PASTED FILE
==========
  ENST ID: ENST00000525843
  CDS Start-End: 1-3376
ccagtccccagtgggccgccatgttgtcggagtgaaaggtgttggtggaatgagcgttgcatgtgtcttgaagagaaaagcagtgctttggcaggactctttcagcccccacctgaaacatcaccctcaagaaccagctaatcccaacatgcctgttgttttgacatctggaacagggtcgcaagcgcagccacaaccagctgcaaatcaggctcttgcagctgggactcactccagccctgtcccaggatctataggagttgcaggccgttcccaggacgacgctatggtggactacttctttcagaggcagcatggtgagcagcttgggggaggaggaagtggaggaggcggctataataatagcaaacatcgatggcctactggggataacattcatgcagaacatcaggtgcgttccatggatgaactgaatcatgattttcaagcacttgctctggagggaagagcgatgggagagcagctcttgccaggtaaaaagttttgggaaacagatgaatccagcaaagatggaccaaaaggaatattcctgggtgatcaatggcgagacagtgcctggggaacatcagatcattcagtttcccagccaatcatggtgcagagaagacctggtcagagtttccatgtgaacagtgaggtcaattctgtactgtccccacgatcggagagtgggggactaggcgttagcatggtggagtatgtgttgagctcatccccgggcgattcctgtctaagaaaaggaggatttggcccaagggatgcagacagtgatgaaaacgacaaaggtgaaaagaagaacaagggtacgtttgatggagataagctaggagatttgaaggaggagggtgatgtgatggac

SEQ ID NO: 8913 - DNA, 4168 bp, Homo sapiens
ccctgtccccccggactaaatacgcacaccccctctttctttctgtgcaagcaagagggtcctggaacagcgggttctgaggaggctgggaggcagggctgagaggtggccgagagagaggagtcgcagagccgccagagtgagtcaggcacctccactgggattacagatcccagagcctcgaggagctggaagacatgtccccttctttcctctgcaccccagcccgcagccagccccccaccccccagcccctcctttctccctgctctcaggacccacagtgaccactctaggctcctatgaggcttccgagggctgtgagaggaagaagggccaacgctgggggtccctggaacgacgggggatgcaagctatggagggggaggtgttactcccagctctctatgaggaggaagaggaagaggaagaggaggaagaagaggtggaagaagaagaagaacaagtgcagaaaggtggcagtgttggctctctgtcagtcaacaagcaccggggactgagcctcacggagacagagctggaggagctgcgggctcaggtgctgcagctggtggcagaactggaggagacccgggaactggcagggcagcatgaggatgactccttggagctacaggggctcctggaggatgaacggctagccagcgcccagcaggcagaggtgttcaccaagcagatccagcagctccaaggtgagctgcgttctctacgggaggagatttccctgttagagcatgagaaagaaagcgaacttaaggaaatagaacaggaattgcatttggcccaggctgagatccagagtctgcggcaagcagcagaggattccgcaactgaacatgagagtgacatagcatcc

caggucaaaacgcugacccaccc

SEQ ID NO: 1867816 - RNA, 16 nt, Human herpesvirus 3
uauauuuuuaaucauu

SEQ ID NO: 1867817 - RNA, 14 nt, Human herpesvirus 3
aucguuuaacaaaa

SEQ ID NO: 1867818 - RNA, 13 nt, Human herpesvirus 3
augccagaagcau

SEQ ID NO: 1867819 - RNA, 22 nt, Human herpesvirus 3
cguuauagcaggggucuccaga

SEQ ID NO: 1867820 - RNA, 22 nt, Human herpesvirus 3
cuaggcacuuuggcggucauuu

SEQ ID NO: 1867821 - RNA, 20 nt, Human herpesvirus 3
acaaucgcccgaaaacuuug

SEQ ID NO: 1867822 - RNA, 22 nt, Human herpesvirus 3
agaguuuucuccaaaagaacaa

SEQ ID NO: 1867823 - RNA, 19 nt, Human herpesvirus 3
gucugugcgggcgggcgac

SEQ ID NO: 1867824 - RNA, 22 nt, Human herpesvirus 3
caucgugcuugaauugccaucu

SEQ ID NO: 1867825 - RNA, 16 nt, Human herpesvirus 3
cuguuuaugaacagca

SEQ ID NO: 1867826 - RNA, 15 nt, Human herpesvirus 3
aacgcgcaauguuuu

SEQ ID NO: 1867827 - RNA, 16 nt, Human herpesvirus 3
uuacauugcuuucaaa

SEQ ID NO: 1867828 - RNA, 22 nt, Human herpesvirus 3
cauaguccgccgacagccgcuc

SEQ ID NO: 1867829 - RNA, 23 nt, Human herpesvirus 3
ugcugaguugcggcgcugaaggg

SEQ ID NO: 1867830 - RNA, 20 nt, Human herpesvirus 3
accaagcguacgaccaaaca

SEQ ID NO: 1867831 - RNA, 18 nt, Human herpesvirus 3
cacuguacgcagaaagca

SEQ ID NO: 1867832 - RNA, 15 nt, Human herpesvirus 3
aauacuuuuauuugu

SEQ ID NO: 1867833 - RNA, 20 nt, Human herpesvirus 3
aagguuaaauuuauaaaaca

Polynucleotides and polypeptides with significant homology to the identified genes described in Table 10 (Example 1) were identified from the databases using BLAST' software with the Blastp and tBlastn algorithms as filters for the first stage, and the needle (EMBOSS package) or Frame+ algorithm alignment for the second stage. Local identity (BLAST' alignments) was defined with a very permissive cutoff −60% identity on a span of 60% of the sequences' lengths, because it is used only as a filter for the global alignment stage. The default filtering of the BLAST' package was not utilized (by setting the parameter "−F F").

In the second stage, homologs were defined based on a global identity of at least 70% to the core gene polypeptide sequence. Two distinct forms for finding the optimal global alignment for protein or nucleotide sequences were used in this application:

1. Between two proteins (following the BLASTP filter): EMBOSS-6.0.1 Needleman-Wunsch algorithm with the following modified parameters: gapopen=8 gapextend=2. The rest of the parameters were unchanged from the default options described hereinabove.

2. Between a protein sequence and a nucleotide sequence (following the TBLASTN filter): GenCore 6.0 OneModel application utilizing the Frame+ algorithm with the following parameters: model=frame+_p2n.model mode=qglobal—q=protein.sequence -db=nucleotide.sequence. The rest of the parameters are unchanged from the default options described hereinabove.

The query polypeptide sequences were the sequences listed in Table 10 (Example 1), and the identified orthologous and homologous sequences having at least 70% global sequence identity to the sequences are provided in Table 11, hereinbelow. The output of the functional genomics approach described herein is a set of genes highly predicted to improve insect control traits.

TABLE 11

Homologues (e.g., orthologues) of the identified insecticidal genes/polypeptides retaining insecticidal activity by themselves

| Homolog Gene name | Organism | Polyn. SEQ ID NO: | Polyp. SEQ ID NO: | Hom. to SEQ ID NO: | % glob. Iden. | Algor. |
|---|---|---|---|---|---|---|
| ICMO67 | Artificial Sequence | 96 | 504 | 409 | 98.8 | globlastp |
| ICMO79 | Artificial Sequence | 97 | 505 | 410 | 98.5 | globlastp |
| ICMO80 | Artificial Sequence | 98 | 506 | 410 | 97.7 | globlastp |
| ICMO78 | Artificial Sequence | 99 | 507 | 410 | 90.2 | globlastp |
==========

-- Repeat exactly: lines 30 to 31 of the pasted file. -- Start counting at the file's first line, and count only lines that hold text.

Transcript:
uuacauugcuuucaaa

SEQ ID NO: 1867828 - RNA, 22 nt, Human herpesvirus 3